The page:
Country of the month: Turkey
Understandably many people may question why Turkey has been chosen as our Country of the Month due its involvement in the Syrian Civil war and the growing tensions between Turkey and Russia. Since media coverage focuses on the negativity surrounding this county, it’s time to bring our attention to why Turkey should not be overlooked as a country with nothing else to offer.
As Rudyard Kipling’s famous ballad goes: “East is East and West is West, and never the twain shall meet.” Well, in fact they did meet in Turkey, and the outcome is pretty outstanding. Different layers of history and religious influences ranging from Islam to the Orthodox Church constitute Istanbul, a city full of complexity and wonder.
Where Europe meets Asia
When you are in Istanbul, a boat cruise on the Bosphorus cannot and should not be missed. The Bosphorus is the waterway that divides Europe and Asia, meaning that Turkey stands between two worlds.
After the Ottomans conquered the city (which back then was still known as Constantinople,) Sultan Mehmed II ordered it to be turned into a mosque. Now, the Hagia Sophia Mosque is the most visited museum in Istanbul. Should you wander through its charming halls, be careful, what Napoleon said to the soldiers under the pyramid remains valid: “hundreds of years of history are looking down on you.”
A visit to the Grand Bazaar
The Grand Bazaar in Istanbul is one of the oldest and largest traditional bazaars around the world. 5000 shops are spread out over what seems to be an infinite amount of streets going in every direction. You can purchase anything from leather to ceramics and from carpets to souvenirs of every kind.
Before you venture out into the bazaar, here is a tip: bartering is the art of bargaining to get a great deal, and you would be wise to give it a go yourself. So sharpen your negotiation skills and you’ll be able to get a steal!
When you are leaving the bazaar you may ask yourself: “Did I walk through the same gate when I entered?” The answer is no. You got lost, again. Sorry about that.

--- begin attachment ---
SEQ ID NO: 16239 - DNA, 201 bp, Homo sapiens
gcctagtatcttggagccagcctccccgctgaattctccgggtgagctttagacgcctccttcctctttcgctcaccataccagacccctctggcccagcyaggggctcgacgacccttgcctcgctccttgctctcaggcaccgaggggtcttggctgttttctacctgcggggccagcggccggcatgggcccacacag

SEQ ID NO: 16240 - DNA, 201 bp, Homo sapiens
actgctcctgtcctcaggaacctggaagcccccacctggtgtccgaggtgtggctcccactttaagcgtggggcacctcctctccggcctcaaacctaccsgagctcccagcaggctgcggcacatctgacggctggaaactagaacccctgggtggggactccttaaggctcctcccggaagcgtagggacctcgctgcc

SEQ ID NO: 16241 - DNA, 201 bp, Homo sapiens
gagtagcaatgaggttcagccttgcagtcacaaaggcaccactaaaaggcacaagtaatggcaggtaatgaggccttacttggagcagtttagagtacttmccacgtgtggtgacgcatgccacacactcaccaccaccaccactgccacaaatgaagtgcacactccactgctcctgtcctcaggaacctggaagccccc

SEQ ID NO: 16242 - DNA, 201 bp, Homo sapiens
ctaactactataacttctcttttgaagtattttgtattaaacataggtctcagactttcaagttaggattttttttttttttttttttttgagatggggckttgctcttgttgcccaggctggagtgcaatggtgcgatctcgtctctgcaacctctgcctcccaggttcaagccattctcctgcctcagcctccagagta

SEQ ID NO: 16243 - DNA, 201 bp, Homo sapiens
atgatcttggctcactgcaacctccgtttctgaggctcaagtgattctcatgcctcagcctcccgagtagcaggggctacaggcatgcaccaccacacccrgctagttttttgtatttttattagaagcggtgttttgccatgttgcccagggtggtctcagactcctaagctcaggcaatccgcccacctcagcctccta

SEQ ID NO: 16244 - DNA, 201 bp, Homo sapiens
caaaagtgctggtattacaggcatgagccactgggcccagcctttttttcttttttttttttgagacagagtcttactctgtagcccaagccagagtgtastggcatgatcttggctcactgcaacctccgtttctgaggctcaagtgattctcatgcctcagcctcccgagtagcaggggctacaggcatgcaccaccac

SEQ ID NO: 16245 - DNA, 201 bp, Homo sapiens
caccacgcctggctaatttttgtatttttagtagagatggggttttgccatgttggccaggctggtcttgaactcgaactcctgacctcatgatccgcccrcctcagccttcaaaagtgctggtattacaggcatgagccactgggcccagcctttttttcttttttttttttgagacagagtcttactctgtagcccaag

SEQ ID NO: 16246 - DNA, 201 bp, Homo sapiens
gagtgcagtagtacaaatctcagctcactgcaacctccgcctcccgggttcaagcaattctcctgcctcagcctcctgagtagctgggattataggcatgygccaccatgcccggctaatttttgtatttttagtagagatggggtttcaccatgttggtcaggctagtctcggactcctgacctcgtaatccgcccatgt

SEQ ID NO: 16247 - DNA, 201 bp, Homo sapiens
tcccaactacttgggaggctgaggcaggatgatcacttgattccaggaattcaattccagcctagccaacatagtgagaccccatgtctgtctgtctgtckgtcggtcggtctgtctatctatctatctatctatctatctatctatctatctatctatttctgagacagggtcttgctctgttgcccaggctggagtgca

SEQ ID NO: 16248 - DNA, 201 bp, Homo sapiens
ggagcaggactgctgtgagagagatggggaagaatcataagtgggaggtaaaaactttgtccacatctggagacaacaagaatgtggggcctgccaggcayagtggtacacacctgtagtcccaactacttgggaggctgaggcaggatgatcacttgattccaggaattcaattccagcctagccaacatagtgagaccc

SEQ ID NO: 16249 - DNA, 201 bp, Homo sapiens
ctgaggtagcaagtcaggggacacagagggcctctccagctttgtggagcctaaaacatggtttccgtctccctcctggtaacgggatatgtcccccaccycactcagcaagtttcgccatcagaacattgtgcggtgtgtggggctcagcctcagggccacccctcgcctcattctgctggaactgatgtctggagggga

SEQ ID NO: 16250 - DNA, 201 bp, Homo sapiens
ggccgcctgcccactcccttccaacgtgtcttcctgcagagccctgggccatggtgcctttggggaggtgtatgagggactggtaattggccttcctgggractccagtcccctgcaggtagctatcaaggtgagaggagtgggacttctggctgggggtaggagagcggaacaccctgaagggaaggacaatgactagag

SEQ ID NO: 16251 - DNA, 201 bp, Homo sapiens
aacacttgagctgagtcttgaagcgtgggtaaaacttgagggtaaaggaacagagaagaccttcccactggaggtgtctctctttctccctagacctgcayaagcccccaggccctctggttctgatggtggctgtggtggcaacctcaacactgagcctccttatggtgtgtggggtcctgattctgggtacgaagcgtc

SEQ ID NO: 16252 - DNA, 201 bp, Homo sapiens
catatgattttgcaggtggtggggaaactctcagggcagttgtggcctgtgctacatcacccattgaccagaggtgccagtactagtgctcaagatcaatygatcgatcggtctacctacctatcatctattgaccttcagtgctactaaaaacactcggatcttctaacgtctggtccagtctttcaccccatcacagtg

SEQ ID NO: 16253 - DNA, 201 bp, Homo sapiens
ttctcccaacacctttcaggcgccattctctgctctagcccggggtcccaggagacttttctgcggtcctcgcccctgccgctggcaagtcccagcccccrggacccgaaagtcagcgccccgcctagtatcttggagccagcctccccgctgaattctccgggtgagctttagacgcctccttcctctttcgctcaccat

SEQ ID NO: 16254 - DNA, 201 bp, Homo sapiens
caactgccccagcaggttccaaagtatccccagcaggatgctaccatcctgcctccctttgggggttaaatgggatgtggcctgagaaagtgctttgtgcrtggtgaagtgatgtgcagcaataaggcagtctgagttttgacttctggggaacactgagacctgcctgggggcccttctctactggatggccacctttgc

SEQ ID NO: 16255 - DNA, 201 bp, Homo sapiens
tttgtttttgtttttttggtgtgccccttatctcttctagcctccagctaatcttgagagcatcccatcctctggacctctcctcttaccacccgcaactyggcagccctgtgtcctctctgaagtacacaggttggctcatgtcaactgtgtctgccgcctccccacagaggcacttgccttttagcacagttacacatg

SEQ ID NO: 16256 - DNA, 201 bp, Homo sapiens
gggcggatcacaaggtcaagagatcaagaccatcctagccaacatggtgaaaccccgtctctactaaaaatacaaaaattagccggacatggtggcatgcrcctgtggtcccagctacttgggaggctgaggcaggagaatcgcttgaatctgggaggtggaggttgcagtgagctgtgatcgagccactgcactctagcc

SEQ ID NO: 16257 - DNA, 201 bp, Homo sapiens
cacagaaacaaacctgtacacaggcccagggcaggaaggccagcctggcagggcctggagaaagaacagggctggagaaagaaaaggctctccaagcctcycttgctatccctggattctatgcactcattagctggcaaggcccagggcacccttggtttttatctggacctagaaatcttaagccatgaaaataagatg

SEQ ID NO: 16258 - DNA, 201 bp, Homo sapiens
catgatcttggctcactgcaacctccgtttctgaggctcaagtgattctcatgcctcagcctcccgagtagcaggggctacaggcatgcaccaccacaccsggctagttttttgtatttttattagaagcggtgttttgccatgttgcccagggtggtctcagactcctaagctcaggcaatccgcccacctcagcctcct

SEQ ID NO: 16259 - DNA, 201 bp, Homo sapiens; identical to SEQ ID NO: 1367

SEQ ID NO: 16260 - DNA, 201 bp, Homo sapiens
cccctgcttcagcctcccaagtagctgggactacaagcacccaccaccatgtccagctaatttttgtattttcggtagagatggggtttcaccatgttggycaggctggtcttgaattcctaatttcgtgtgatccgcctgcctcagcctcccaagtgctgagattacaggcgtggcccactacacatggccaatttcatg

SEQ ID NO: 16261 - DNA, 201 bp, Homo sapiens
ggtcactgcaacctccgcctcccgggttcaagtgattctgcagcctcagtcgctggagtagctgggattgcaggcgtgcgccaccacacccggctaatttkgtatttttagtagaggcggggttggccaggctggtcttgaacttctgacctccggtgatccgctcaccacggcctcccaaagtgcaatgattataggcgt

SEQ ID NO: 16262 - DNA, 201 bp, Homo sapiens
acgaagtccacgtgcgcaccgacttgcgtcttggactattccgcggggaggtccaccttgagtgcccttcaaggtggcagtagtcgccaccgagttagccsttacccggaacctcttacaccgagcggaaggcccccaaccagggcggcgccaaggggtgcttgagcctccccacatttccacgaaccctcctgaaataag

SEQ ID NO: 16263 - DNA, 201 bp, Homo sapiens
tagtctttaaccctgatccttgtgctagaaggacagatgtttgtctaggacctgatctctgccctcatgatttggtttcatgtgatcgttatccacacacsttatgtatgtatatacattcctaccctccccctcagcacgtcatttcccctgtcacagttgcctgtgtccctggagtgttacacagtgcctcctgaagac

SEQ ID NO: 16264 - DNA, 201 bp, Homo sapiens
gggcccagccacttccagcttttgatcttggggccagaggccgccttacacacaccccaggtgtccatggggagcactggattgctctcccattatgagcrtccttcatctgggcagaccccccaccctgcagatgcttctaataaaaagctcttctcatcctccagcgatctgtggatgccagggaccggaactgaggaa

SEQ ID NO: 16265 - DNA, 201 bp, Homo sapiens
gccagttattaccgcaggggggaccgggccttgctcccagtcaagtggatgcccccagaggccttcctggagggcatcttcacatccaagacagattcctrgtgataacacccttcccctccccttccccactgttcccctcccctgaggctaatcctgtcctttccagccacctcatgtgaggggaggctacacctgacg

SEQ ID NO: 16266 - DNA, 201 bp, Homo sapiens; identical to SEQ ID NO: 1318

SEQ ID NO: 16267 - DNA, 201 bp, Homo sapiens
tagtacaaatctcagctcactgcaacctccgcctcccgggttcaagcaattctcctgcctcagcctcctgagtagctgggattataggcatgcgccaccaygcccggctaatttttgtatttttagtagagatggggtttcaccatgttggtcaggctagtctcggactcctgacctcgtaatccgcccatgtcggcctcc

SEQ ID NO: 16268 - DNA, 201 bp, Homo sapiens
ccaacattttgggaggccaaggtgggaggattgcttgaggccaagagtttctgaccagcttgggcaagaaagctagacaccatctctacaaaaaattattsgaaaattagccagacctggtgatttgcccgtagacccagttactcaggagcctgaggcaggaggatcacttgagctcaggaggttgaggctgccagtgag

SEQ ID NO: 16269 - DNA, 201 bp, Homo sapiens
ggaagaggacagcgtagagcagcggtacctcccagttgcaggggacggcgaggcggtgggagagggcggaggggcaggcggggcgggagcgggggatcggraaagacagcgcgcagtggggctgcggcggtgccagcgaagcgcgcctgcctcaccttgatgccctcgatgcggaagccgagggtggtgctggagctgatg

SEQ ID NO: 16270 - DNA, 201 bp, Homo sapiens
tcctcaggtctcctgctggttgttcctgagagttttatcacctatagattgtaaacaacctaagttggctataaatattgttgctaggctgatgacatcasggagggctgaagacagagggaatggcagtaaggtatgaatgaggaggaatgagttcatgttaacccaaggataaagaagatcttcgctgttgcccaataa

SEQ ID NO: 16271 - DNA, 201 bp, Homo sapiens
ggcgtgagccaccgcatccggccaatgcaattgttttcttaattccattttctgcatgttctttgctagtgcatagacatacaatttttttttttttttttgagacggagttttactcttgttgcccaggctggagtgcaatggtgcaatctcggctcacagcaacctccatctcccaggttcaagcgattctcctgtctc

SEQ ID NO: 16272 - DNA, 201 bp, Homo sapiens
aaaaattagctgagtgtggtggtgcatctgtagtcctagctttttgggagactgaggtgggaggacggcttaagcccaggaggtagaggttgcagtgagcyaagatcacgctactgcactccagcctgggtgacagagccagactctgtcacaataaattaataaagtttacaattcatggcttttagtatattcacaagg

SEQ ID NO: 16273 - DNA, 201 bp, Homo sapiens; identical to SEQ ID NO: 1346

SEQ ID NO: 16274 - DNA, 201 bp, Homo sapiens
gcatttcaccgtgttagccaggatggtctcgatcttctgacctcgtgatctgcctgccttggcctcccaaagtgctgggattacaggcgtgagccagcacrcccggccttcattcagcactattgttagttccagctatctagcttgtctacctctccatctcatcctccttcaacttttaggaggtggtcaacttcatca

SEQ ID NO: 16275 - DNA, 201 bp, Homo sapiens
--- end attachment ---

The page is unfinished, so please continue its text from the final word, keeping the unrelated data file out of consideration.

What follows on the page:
Mevlana Festival 2015
The city of Konya hosts the Mevlana Festival every year (December 10 – December 17:) Dervishes will dance to commemorate Jalāl ad-Dīn Muhammad Rūmī, also called Mewlana (our Master,) who died on the 17th December of 1273 and is considered the founder of the Islamic mystic doctrine of Sufism. The Mevlana Festival is one of the greatest spectacles you will ever behold. Undoubtedly a must-see.
“Many roads take you to God. I chose the path of dance and music,” said Celatettin Rûmi, one of the great mystic poets of the thirteenth century. Watching the Dervishes dance is allegedly one of the most enchanting things a human eye can see. Their white skirts twirling while they whirl, their arms up in the air to call the blessing of Allah upon themselves; they dance and dance while you hold your breath. It is truly a mesmerising ceremony to witness.
Reaching Konya is not difficult, flights to the Konya go from both Istanbul and Ankara every day. Don’t miss Mewlana’s tomb, buried in Konya, and check also the other displays about Sufi culture. Remember to be tactful: Konya is a conservative city, therefore your clothing must be considered.
Saint Nicholas Day
The 6th of December is an important day for Orthodox and Christian believers around the globe. In fact, it is the day when St Nicholas died. In remembrance of St Nicholas people began to exchange gifts. Nowadays St Nicholas Day is celebrated in many countries including France, Germany and the Netherlands. Sounds familiar, right? In fact, St Nicholas is none other than Santa Claus (only slimmer, and without the Christmas hat).
So how did St Nicholas become Santa Claus? For this we have to trace back the history of this patron saint. Saint Nicholas was known for being helpful to the poor and helpless, and secretly gave presents. Saint Nicholas was buried in Myra, but sailors from Bari seized part of the remains of the saint and brought it with them to their city. The basilica of Apulia, now a popular site for pilgrimages, houses part of the relics.
Interestingly, the legend and stories about his miracles were spread all over Europe by sailors. Allegedly, any father who could not pay his daughter’s dowry used to hang some stockings on the fireplace. The next day, if he was lucky, he found them filled with gold. So if you’re in Turkey, you could give it try, it may be your lucky day!
Don’t miss anything that Turkey has to offer this month. If you are planning to move there soon, make sure you read our Turkey country guide.